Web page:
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[en] A system of marine plateaus occurs in the western equatorial Indian Ocean, forming an arcuate series of wide and shallow banks with small islands in places. The oceanic basins that surround the Seychelles - Amirante region are of various ages and reflect a complex seafloor spreading pattern. The structural analysis of the Seychelle - Amirante - Mascarene region reflects the tectonic evolution of the western equatorial Indian Ocean. It is suggested that due to the seafloor spreading during a tectonic stage, the Seychelles continental block drifted southwestwards to collide with the oceanic crust of the Mascarene Basin, forming an elongated folded structure at first, and then a subduction zone. The morphological similarity, the lithological variability and the different origin of the Seychelles Bank, the Mascarene Plateau and the Amirante Arc emphasizes the significant convergent effects of various plate tectonic processes on the development of marine plateaus
[en] This paper proposes that current maritime smuggling routes in the western Indian Ocean region are similar to those in the past and that the motivations of terrorist groups and the presence of radioactive sources in the Indian Ocean littoral and other states present a significant security threat. The majority of regional terrorist groups have a hybrid structure, piggybacking on criminal activity to fund their terror activities. Additionally, states have used maritime routes in the Indian Ocean region to transport nuclear materials and missiles. Thus, the maritime dimension of such threats remains, and may be increasing. This paper focuses on issues, motivations, pathways, and methods to detect and interdict nuclear and radiological trafficking. It analyzes the potential use of maritime technology applications for radiation detection and presents recommendations for states and multinational nonproliferation advocacy organizations to address the threat in the Indian Ocean region.
[en] A nonlinear decomposition method is applied to the analysis of global sea surface temperature (SST) time series in different epochs related to the Pacific Decadal Oscillation (PDO) since the end of 19th century to present time. This method allows one to extract an optimal (small) number of global nonlinear teleconnection patterns associated with distinct dominant time scales from the original high-dimensional spatially extended data set. In particular, it enables us to reveal ENSO teleconnection patterns corresponding to different PDO cycles during the last 145 years, to uncover four climate shifts connected with PDO phase changes and to reconstruct the corresponding global PDO patterns. We find that SST teleconnections between the ENSO region, extra-tropical Pacific regions and the Indian ocean became fundamentally nonlinear since the second half of 20th century.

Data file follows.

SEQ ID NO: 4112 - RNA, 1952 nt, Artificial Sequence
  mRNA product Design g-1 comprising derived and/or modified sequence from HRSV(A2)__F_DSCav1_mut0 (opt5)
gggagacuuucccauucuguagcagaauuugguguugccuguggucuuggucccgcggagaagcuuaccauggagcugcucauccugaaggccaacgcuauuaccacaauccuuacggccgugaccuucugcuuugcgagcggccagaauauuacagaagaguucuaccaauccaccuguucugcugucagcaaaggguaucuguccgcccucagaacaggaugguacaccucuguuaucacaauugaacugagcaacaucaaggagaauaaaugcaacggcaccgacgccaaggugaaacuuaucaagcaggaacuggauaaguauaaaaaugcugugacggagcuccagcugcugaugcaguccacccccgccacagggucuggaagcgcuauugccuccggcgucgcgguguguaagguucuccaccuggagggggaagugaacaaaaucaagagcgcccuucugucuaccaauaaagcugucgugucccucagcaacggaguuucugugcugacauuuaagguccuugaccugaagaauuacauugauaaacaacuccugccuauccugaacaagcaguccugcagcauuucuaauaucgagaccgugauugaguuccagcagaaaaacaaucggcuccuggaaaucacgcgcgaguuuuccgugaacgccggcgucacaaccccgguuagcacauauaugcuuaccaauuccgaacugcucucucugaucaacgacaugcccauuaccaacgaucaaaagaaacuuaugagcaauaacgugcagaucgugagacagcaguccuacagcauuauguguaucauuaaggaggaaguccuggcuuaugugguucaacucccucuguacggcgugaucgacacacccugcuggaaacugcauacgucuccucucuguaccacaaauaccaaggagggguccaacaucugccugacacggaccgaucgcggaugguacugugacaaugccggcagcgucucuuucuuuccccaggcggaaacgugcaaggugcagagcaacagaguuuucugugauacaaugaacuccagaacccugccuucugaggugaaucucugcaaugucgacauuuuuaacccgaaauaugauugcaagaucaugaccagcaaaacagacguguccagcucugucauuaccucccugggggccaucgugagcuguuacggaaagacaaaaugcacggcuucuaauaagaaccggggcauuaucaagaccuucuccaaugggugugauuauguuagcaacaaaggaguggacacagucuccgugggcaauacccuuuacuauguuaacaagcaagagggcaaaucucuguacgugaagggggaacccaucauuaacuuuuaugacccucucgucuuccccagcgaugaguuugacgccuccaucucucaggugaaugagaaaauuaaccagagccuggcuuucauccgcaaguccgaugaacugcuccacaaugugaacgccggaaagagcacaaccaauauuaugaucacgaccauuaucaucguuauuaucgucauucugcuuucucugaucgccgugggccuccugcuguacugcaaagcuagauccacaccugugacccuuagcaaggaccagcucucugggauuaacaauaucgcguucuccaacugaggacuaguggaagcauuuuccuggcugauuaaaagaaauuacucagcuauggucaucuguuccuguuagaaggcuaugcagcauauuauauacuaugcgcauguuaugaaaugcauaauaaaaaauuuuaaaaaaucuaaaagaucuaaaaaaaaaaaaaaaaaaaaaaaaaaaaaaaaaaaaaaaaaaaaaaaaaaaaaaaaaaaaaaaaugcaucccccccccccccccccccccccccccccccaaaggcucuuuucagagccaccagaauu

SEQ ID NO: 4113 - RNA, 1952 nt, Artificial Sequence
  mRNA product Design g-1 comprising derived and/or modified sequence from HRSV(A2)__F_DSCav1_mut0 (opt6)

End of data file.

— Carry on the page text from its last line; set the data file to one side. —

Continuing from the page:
[en] 226Ra profiles have been measured in the western Indian Ocean as part of the 1977-78 Indian Ocean GEOSECS program. These profiles show a general increase in deep and bottom water Ra concentration from the Circumpolar region to the Arabian Sea. A deep Ra maximum which originates in the Arabian Sea and in the Somali basin at about 3000 m depth spreads southward into the Mascarene basin and remains discernible in the Madagascar and Crozet basins. In the western Indian Ocean, the cold Antarctic Bottom Water spreads northward under the possibly southward-flowing deep water, forming a clear benthic front along the Crozet basin across the Southwest Indian Ridge into the Madagascar and Mascarene basins. The Antarctic Bottom Water continues to spread farther north to the Somali basin through the Amirante Passage at 100S as a western boundary current. The benthic front and other characteristic features in the western Indian Ocean are quite similar to those observed in the western Pacific where the benthic front as a distinctive feature was first described by Craig et al. Across the Mid-Indian Ridge toward the Ceylon abyssal plain near the triple junction, Ra profiles display a layered structure, reflecting the topographic effect of the mid-ocean ridge system on the mixing and circulation of the deep and bottom waters. Both Ra and Si show a deep maximum north of the Madagascar Basin. Linear relationships between these two elements are observed in the deep and bottom water with slopes increasing northward. This suggests a preferential input of Ra over Si from the bottom sediments of the Arabian Sea and also from the flank sediments of the Somali basin. (orig.)